When the Senate debated climate change legislation earlier this decade, it generally was understood the bill had no chance of becoming law.
Floor debates in 2003 and 2005 came about after high-profile senators forced votes to score political points and embarrass the George W. Bush administration. Just one committee wrote last year's cap-and-trade bill, which crashed on the floor and became a political liability for Senate Democrats.
This time around, Senate Democrats are trying another approach. They have set out to work as a team, with six separate committees trying to write language that can build ownership among influential swing votes well before the floor debate begins.
"To me, the more committees that are involved, the happier I am, because you get more and more colleagues that get to understand it, that get to be part of it," Environment and Public Works Chairwoman Barbara Boxer (D-Calif.) told reporters last week. "The more colleagues that play a role, the better."
It was Boxer's committee alone that approved the climate bill before last year's floor debate. The process was not smooth, and moderate Democrats howled in protest that she had not conducted enough outreach on such a momentous piece of legislation.
This year, the EPW Committee is working alongside other powerful panels: Agriculture, Commerce, Energy and Natural Resources, Finance, and Foreign Relations. For vote counters, that means any number of fence-sitters -- such as Sens. Sherrod Brown (D-Ohio), Kent Conrad (D-N.D.), Blanche Lincoln (D-Ark.), Richard Lugar (R-Ind.), Mark Pryor (D-Ark.), Jay Rockefeller (D-W.Va.) and Debbie Stabenow (D-Mich.) -- will have a crack at the climate bill in its earliest stages.
"There are issues that the senators are going to want to work through on their own, and this process allows that," said Mark MacLeod, special projects director with the Environmental Defense Fund.
There is no guarantee that the committee work will actually lead to the 60 votes needed to defeat an expected Republican filibuster. For instance, things have not gone as smoothly as Democrats hoped on health care, another of President Obama's top agenda items.
"I hope it'll make them more open to a solution," said Majority Whip Dick Durbin (D-Ill.). "It hasn't worked that way on health care. Not yet."
In the House, Democrats won narrow passage of their climate bill last month primarily by writing a bill that reflected the regional differences of the Energy and Commerce Committee. Speaker Nancy Pelosi (D-Calif.), and to some degree the Obama administration, also took the reigns on the bill, working over members one-by-one in the closing hours before the 219-212 vote.
While Agriculture Chairman Collin Peterson (D-Minn.) effectively blocked the legislation for a few weeks to win concessions for farm state lawmakers, other committees largely punted on jurisdiction save some last-minute pieces included as part of a manager's amendment package.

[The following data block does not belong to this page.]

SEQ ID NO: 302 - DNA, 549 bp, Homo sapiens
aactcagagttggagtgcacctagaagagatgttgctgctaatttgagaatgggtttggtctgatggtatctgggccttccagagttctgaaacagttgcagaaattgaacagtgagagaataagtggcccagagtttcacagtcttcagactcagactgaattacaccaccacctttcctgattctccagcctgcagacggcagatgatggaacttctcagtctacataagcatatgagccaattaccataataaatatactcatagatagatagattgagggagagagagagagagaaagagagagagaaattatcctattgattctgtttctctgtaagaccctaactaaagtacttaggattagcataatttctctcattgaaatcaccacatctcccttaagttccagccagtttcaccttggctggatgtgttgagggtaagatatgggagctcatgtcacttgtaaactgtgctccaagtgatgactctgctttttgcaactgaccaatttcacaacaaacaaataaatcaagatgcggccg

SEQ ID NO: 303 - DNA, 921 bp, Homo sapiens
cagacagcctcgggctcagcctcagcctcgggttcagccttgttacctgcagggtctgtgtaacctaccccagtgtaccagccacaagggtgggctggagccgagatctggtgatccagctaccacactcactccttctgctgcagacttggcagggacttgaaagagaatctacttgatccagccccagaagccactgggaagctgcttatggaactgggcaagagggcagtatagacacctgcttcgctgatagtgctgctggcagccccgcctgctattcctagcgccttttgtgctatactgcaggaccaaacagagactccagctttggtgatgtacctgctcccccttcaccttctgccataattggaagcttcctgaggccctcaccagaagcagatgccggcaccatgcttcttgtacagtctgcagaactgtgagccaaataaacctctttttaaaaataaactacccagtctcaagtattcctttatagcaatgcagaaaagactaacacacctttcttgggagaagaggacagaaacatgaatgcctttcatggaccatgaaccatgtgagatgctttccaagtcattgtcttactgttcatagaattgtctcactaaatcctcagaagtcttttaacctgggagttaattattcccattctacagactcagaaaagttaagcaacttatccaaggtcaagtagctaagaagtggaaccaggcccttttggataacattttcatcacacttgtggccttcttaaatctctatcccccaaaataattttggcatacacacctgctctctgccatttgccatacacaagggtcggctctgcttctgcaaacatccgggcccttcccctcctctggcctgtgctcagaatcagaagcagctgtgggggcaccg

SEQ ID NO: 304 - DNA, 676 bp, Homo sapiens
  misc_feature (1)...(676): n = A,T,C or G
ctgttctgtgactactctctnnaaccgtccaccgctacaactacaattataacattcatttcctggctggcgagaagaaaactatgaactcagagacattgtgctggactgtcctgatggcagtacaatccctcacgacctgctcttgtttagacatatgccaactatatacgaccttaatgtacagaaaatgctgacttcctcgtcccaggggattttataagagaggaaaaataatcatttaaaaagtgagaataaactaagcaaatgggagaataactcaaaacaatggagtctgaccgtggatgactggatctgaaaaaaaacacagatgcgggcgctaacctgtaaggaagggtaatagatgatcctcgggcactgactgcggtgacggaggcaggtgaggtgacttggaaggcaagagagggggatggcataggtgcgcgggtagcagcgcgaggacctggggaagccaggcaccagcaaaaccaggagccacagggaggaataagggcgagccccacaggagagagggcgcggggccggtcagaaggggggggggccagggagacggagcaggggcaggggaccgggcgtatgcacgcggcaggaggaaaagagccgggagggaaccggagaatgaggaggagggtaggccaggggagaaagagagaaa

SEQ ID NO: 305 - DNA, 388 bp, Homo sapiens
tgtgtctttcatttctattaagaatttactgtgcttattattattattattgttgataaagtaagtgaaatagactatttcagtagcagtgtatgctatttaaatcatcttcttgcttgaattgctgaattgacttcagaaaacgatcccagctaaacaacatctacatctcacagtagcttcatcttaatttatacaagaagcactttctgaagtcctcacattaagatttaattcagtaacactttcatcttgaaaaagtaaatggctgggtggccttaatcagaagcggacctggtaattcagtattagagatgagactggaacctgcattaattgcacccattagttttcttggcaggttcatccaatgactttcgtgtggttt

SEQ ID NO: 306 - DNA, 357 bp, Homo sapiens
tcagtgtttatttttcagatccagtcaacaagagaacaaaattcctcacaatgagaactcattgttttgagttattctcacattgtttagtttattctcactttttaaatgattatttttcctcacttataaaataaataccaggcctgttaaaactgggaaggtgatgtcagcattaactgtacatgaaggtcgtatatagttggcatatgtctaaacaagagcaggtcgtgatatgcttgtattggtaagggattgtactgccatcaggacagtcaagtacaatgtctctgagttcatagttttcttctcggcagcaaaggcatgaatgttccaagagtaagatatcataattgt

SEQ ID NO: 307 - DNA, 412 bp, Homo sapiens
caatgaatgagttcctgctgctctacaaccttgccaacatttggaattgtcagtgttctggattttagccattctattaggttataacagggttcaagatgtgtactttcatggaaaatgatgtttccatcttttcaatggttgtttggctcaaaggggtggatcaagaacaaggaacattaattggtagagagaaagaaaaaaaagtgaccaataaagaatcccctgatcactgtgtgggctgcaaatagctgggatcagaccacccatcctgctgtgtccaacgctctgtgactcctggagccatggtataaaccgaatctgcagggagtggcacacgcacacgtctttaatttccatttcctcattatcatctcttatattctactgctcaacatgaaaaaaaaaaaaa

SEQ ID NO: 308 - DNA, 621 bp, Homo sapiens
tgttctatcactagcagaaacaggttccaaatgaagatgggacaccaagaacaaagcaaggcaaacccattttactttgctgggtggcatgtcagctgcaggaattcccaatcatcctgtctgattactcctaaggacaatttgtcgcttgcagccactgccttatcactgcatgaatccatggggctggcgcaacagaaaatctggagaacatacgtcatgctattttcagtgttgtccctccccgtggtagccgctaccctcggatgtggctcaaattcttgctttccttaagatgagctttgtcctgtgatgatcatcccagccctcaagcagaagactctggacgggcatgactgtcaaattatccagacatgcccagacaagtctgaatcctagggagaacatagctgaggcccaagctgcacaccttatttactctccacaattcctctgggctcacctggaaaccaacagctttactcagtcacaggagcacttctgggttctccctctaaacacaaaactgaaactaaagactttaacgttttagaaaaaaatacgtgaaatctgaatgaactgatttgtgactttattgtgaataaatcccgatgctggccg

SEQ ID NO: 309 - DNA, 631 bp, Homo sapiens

Back across the Capitol, Senate Majority Leader Harry Reid (D-Nev.) will be in position by late September to work through all of the different climate bills that clear the committees. At that point, he plans to open up his door to lawmakers who still have concerns and demands, following a pattern many remember in 1990 when then Senate Majority Leader George Mitchell (D-Maine) helped construct the last major set of Clean Air Act amendments.
"That's what my responsibility is, so that's what I have to do." Reid told E&E last week.
It's all about Max
Finance Chairman Max Baucus (D-Mont.) presents the biggest challenge in the Senate climate debate.
Baucus signaled that he wanted a piece of global warming bills that passed out of the EPW Committee under Democratic majorities in 2002 and 2008 -- narrowing in on language that would distribute the cap-and-trade program's emission allowances. But he later deferred, figuring that neither bill had much chance of becoming law.
This time around, no one thinks Baucus is bluffing.
Lobbyists and Senate staffers cannot help but notice that the Montana Democrat has beefed up his climate, energy and trade team, bringing as many as 10 aides into various meetings on the legislation. Other lawmakers have joked that they may want to find a few ringers to look intimidating too.
Baucus, already the focal point on the health care bill, has said he plans to mark up climate provisions dealing with the allocations and trade. But it is not yet clear if he will go before Boxer, or wait until the EPW Committee passes the core elements of the cap-and-trade measure first.
Either way, Baucus stands to play a critical role. After all, he is also the most senior Democrat on Boxer's committee. And he is a leading centrist Democrat with a voice that carries tremendous weight in the leadership ranks.
"Without him, you don't have a climate bill," said one former Senate Democratic aide tracking the legislation.
It is far from certain how the other committees will handle the climate bill, minus the Energy and Natural Resources Committee, which finished its work last month.
Rockefeller, the chairman of the Commerce Committee, said last week that he planned to mark up a climate section, and off-the-Hill sources say the West Virginia Democrat has his eye on significant incentives for carbon capture and sequestration technology that would benefit his home state's coal industry.